All of this monetary meddling has Americans rightfully worried, and the latest news out of the federal reserve is even worse.

The Federal Reserve finally released a much-delayed paper yesterday opining on the pros and cons of developing its own central bank digital currency (CBDC), but without coming to any firm conclusions.

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Around the world, there are now 23 CBDCs either in pilot or formally launched. They have morphed from a theoretical concept into real-world digital cash, changing the way governments and millions of people use money — but not in the U.S.

There was no telling which way the fed would lean as of yet.

Although the Fed’s paper doesn’t advocate one way or another on whether the U.S. should begin development, the language used in the paper indicates that it’s very open to the idea, Josh Lipsky, director at the Atlantic Council’s GeoEconomics Center, tells Axios.

But for a nation that is already mired in a number of financial schemes and scams, (the Federal Reserve and the stock market perhaps being paramount among them), the news certainly isn’t going to help any of us sleep better at night.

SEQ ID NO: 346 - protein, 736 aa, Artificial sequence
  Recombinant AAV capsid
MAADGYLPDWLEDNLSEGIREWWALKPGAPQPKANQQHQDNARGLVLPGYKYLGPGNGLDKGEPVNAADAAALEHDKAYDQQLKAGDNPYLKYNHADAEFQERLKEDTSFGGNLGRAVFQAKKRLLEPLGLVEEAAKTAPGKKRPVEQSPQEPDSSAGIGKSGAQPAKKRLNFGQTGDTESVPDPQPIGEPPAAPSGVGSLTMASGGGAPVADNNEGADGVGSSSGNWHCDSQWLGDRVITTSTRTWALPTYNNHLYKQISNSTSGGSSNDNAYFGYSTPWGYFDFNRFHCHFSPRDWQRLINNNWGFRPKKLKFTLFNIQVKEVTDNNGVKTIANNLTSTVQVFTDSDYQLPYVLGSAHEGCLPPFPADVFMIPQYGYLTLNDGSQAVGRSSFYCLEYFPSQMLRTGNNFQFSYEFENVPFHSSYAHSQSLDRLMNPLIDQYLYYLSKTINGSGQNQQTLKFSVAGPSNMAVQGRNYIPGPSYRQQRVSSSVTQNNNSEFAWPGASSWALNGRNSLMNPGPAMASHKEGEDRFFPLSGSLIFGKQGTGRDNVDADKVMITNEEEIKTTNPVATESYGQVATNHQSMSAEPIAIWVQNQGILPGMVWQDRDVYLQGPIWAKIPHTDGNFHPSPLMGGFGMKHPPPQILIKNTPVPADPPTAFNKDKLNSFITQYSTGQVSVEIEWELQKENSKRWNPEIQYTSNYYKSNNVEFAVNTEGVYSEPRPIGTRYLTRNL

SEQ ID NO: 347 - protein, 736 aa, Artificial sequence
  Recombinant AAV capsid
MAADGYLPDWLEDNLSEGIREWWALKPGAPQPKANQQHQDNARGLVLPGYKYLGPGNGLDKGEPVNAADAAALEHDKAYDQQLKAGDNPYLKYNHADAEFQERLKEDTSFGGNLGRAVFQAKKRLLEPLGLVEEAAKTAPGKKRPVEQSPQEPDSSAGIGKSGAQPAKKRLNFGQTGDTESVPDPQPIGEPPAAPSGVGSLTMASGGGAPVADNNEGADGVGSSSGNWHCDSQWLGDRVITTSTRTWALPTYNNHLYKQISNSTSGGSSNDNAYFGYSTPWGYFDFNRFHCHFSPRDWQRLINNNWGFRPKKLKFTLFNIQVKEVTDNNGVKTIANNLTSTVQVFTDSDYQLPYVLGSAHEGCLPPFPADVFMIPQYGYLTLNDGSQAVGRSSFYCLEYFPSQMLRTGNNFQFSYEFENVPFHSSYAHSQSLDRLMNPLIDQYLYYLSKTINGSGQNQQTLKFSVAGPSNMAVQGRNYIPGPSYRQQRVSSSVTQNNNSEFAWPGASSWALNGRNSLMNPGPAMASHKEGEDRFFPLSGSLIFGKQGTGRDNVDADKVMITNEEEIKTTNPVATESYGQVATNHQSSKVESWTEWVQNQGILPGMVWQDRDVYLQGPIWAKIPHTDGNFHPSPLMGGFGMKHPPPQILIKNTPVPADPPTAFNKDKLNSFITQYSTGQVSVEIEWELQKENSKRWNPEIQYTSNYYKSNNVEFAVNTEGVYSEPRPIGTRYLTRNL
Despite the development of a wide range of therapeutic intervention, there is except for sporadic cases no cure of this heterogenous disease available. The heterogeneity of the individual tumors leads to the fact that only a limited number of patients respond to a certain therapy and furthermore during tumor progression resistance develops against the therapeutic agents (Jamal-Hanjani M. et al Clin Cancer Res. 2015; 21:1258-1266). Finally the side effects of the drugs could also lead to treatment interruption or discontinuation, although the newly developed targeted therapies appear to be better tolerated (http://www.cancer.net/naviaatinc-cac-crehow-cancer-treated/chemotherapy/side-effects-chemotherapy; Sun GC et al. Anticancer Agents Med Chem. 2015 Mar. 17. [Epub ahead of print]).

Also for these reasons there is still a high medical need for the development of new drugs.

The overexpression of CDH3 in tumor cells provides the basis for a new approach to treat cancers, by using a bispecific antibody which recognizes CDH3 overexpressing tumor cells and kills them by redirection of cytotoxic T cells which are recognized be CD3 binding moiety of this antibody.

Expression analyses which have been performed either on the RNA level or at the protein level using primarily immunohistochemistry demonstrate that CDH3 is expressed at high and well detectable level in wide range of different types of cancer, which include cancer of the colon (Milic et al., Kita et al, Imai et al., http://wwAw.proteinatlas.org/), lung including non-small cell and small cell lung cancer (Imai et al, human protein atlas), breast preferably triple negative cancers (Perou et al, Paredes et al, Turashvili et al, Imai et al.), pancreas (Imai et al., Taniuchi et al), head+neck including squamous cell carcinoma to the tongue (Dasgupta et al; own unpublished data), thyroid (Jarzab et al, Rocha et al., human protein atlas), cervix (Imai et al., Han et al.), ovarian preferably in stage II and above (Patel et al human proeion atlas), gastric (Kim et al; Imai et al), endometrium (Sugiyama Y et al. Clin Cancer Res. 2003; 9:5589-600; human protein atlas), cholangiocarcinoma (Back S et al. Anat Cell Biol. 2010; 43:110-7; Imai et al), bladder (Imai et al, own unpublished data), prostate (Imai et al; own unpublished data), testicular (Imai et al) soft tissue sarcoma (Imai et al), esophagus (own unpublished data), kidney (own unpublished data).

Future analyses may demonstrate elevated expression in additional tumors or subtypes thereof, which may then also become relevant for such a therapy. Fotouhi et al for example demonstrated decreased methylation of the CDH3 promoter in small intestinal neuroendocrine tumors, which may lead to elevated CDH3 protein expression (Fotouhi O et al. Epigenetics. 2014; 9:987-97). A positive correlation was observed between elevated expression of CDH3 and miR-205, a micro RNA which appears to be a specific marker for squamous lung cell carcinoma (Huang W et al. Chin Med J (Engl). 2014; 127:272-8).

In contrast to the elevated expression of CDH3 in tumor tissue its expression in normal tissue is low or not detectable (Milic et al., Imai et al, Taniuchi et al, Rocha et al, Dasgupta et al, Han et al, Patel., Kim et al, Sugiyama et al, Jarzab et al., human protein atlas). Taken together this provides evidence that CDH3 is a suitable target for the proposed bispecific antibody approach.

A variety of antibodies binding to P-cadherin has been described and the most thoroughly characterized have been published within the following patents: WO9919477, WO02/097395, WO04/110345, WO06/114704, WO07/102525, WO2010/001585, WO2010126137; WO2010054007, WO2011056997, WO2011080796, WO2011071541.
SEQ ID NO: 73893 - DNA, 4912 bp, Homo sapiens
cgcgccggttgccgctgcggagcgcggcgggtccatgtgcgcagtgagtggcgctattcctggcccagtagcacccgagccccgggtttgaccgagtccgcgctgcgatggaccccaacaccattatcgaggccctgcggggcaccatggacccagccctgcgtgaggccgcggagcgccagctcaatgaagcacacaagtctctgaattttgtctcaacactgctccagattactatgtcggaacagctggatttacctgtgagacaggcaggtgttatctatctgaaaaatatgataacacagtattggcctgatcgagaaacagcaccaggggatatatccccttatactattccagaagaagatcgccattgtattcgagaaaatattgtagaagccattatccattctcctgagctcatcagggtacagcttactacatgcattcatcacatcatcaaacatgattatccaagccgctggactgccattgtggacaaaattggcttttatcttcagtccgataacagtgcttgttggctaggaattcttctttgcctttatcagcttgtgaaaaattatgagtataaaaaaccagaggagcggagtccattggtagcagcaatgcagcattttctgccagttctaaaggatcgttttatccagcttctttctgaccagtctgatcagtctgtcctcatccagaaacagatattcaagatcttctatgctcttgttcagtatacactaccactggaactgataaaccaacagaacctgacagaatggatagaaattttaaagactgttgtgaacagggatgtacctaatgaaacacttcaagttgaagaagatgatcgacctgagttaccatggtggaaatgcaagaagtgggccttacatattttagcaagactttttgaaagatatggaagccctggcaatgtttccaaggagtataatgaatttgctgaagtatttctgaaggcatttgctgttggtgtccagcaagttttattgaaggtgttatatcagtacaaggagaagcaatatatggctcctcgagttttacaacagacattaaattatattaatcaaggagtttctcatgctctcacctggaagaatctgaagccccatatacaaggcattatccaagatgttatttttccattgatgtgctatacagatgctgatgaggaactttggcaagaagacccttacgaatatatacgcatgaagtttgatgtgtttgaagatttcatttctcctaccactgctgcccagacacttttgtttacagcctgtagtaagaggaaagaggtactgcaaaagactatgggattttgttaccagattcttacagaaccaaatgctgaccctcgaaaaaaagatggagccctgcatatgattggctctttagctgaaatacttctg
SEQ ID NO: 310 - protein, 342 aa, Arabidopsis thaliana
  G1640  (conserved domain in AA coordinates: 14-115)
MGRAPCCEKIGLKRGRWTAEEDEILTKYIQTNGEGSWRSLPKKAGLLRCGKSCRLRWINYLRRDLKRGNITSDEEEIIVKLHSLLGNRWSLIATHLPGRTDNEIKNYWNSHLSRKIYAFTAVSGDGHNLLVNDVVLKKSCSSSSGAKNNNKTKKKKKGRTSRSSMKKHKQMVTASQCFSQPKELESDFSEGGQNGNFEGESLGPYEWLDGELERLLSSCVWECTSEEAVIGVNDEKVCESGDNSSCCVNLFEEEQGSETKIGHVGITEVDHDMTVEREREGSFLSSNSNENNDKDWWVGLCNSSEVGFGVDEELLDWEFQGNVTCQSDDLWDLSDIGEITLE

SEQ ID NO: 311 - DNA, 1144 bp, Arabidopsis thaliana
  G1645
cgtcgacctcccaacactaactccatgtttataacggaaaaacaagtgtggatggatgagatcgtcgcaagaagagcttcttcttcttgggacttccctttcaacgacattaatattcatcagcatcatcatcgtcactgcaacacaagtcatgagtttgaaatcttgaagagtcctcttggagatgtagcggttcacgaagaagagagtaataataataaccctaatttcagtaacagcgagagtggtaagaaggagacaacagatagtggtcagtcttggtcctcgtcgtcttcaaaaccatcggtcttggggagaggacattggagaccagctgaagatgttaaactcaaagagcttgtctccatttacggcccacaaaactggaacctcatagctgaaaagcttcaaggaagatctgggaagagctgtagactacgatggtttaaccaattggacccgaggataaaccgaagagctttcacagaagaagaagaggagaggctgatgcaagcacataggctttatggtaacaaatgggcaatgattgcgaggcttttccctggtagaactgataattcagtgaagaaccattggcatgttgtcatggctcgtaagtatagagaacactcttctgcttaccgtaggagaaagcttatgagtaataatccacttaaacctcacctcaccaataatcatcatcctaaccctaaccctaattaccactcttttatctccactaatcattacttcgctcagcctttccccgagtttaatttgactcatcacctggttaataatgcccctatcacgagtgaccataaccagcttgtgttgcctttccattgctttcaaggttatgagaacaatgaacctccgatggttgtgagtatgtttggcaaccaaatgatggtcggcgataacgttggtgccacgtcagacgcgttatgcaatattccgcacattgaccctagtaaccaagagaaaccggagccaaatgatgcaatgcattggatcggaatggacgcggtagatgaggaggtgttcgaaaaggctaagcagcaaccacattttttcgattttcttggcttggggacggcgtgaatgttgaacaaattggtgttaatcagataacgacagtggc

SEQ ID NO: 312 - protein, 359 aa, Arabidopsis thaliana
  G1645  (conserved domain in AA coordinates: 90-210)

For decades, the American people have wondered about the safety of our currency.  Sure, the US Dollar has long been considered the “gold standard” of international fiat, but even using that phrase colloquially raises questions.  Specifically:  Is there still any gold backing our bucks? On paper, no.  Our nation is now operating in the realm of “legal tender”, thanks to the regrettable decision to remove the actual, physical gold from the equation years ago.  But, worse still, is the sinking reality that even Fort Knox’s stash may not be what we believe it to be any longer. All of this monetary meddling has Americans rightfully worried, and the latest news out of the federal reserve is even worse. The Federal Reserve finally released a much-delayed paper yesterday opining on the pros and cons of developing its own central bank digital currency (CBDC), but without coming to any firm conclusions. Around the world, there are now 23 CBDCs either in pilot or formally launched. They have morphed from a theoretical concept into real-world digital cash, changing the way governments and millions of people use money — but not in the U.S. There was no telling which way the fed would lean as of yet. Although the Fed’s paper doesn’t advocate one way or another on whether the U.S. should begin development, the language used in the paper indicates that it’s very open to the idea, Josh Lipsky, director at the Atlantic Council’s GeoEconomics Center, tells Axios. But for a nation that is already mired in a number of financial schemes and scams, (the Federal Reserve and the stock market perhaps being paramount among them), the news certainly isn’t going to help any of us sleep better at night.